Agriculture's climate change role demands urgent action

Feature story - January 7, 2008
Agriculture is one of the largest sources of greenhouse gas emissions and urgent changes need to be made if its role is to be changed from a carbon source to a carbon sink, according to a new report published by Greenpeace today.

Greenpeace illustrates the effects of industrial agriculture on climate change.

Cool Farming: Climate impacts of agriculture andmitigation potential, is the first report to detail both thedirect and indirect effects farming has on climate change.Cool Farming is written for Greenpeace byProfessor Pete Smith from University of Aberdeen, a lead author on thelatest International Panel on Climate Changereport.

"The impact of industrial farming on climatechange has reached a critical threshold," said Josh Brandon, GreenpeaceAgriculture Campaigner. "We can only go on so long sucking the life outthe soil and releasing waste into the air, oceans and rivers before wepermanently degrade the capacity of these ecosystems to sustainus."

The report describes how energy- andchemical-intensive farming has led to increased levels of greenhousegas emissions, primarily as a result of the overuse of fertilisers,land clearance, soil degradation, and intensive animal farming. Thetotal global contribution of agriculture to climate change, includingdeforestation for farmland and other land use changes, is estimated tobe equivalent to between 8.5 -16.5 billion tonnes of carbon dioxide orbetween 17- 32% of all human-induced greenhouse gas emissions.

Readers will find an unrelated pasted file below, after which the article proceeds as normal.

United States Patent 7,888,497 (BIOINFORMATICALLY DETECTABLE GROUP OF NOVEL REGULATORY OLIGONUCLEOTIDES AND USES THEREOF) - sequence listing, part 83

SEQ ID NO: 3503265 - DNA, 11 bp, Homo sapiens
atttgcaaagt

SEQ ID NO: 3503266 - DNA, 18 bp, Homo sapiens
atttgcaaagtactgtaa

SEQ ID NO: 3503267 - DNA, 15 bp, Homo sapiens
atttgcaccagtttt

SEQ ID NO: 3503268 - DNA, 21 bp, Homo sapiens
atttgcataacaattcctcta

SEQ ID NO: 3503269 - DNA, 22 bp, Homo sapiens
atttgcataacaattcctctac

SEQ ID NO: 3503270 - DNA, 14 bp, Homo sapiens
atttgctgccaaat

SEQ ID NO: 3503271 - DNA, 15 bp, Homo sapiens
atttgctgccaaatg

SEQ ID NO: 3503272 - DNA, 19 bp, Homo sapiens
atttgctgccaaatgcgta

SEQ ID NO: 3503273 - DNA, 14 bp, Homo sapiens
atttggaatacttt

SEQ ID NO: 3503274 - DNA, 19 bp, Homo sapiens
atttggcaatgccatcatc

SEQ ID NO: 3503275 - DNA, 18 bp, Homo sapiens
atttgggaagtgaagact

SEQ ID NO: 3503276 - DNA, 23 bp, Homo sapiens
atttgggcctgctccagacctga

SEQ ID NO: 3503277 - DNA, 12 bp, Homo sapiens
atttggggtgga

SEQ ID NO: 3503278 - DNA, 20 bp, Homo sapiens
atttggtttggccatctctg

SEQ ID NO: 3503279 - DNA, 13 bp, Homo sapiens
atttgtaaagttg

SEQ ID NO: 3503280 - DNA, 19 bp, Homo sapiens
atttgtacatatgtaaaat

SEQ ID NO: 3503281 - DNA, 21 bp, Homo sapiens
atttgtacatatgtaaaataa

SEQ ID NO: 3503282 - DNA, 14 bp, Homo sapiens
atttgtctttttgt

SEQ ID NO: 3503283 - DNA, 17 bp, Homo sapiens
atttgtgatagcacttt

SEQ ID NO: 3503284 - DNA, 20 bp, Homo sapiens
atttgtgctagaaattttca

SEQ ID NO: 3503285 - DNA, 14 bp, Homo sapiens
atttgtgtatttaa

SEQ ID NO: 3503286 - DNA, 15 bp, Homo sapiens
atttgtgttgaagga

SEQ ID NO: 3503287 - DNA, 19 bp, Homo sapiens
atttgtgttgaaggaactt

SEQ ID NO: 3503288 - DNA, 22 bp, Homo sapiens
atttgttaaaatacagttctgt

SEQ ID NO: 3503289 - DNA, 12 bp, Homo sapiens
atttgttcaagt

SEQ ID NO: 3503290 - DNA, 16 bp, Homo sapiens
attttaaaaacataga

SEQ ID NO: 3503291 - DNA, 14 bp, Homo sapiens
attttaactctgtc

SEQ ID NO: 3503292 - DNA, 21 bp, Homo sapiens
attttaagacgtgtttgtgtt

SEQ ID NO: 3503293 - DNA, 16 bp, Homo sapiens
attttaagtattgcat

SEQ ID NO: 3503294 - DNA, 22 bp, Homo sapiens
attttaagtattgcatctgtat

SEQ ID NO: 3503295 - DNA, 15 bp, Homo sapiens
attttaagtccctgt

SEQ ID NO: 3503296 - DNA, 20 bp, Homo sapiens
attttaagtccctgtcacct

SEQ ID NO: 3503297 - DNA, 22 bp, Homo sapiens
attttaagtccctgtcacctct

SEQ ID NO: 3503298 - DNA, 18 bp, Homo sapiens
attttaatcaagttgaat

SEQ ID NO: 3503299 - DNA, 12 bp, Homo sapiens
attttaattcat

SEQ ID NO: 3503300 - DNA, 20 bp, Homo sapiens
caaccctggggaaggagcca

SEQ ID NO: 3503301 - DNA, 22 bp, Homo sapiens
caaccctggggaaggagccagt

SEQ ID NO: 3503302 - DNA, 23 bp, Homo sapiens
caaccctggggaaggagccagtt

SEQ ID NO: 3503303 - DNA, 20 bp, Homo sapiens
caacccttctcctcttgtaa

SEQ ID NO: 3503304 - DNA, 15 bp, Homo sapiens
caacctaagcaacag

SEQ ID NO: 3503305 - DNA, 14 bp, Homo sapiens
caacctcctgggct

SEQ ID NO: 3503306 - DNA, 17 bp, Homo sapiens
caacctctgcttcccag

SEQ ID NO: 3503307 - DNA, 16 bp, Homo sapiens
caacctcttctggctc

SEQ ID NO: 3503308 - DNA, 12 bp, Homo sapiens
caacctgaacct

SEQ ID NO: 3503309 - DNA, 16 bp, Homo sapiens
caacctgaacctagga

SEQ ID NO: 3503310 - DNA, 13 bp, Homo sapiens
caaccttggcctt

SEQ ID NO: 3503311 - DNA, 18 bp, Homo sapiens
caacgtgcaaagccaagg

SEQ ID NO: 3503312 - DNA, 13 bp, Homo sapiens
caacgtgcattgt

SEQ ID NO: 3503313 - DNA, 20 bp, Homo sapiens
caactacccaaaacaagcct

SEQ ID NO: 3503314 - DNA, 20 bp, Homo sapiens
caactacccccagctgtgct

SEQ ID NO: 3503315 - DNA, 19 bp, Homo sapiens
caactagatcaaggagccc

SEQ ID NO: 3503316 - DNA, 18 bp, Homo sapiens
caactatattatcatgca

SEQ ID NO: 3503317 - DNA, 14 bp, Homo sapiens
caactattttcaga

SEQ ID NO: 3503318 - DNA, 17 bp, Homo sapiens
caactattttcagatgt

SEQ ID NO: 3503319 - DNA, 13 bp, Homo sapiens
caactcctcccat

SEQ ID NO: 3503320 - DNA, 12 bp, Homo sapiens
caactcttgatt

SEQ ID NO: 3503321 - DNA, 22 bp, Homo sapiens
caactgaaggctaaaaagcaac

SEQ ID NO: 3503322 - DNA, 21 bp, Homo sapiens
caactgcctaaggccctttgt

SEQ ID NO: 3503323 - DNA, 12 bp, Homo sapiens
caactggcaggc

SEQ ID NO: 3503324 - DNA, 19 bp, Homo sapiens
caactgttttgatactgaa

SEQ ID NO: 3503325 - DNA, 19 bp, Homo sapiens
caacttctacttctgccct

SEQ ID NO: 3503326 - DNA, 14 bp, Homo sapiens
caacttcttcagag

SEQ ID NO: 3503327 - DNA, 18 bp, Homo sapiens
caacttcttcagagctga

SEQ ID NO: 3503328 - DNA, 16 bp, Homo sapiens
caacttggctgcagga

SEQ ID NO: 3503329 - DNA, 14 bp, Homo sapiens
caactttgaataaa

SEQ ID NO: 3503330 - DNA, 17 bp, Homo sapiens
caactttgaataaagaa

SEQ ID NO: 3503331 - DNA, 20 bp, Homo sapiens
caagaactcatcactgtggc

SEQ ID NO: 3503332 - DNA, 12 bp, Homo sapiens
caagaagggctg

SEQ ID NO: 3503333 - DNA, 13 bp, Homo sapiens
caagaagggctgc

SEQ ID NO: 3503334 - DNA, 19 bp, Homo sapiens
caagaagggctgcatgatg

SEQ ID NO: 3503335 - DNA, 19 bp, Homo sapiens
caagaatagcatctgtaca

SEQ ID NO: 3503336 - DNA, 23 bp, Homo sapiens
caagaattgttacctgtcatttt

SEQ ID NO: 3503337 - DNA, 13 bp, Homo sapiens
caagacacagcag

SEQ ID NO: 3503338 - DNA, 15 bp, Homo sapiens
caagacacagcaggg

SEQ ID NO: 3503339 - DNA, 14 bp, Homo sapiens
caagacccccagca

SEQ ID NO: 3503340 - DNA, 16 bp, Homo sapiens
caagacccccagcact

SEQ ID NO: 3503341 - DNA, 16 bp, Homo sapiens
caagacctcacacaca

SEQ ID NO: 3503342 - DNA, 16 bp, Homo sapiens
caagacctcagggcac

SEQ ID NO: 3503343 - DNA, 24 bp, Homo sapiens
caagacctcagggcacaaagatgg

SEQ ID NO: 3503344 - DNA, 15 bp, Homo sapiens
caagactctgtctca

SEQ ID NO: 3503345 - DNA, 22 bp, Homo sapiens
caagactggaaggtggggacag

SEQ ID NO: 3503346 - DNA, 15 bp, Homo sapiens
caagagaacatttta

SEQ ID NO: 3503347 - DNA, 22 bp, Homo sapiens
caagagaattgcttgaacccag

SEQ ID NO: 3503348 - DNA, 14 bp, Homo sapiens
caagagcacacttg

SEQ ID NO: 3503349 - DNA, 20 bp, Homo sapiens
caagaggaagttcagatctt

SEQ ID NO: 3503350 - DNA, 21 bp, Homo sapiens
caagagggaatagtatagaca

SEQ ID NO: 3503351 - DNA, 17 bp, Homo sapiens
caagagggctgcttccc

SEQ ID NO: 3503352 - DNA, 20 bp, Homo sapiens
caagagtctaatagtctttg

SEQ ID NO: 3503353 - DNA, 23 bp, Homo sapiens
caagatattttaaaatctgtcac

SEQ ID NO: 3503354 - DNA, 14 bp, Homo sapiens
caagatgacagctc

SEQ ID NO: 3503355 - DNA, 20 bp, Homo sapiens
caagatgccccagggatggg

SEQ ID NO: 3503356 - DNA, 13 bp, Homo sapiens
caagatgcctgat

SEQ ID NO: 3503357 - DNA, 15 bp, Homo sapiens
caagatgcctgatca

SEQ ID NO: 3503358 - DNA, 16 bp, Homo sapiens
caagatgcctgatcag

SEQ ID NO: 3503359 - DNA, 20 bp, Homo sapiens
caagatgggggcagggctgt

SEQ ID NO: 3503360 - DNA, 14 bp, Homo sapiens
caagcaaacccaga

Fertilizer overuse is responsible for the highestsingle share of agriculture's greenhouse gas emissions, currently equalto some 2.1 billion tonnes of CO2 annually. Excess fertilizer resultsin the emission of nitrous oxide (N2O), which issome 300 times more potent than carbon dioxide in changing the climate.

The report details a variety of practical solutionswhich can reduce climate change and that are easy to implement,including reducing overuse of fertilisers, protecting the soil,improving rice production and cutting demand for meat, especially indeveloped countries.

"Every year, agriculture isresponsible ten per cent of Canada's greenhouse gas emissions" saidJosh Brandon.  "If Prime Minister Stephen Harper is sincere incombating climate change, an essential first step is a tax onfertilizers.  This must be followed by tougher regulations onpesticides and a lot more money to promote local and organicagriculture in Canada."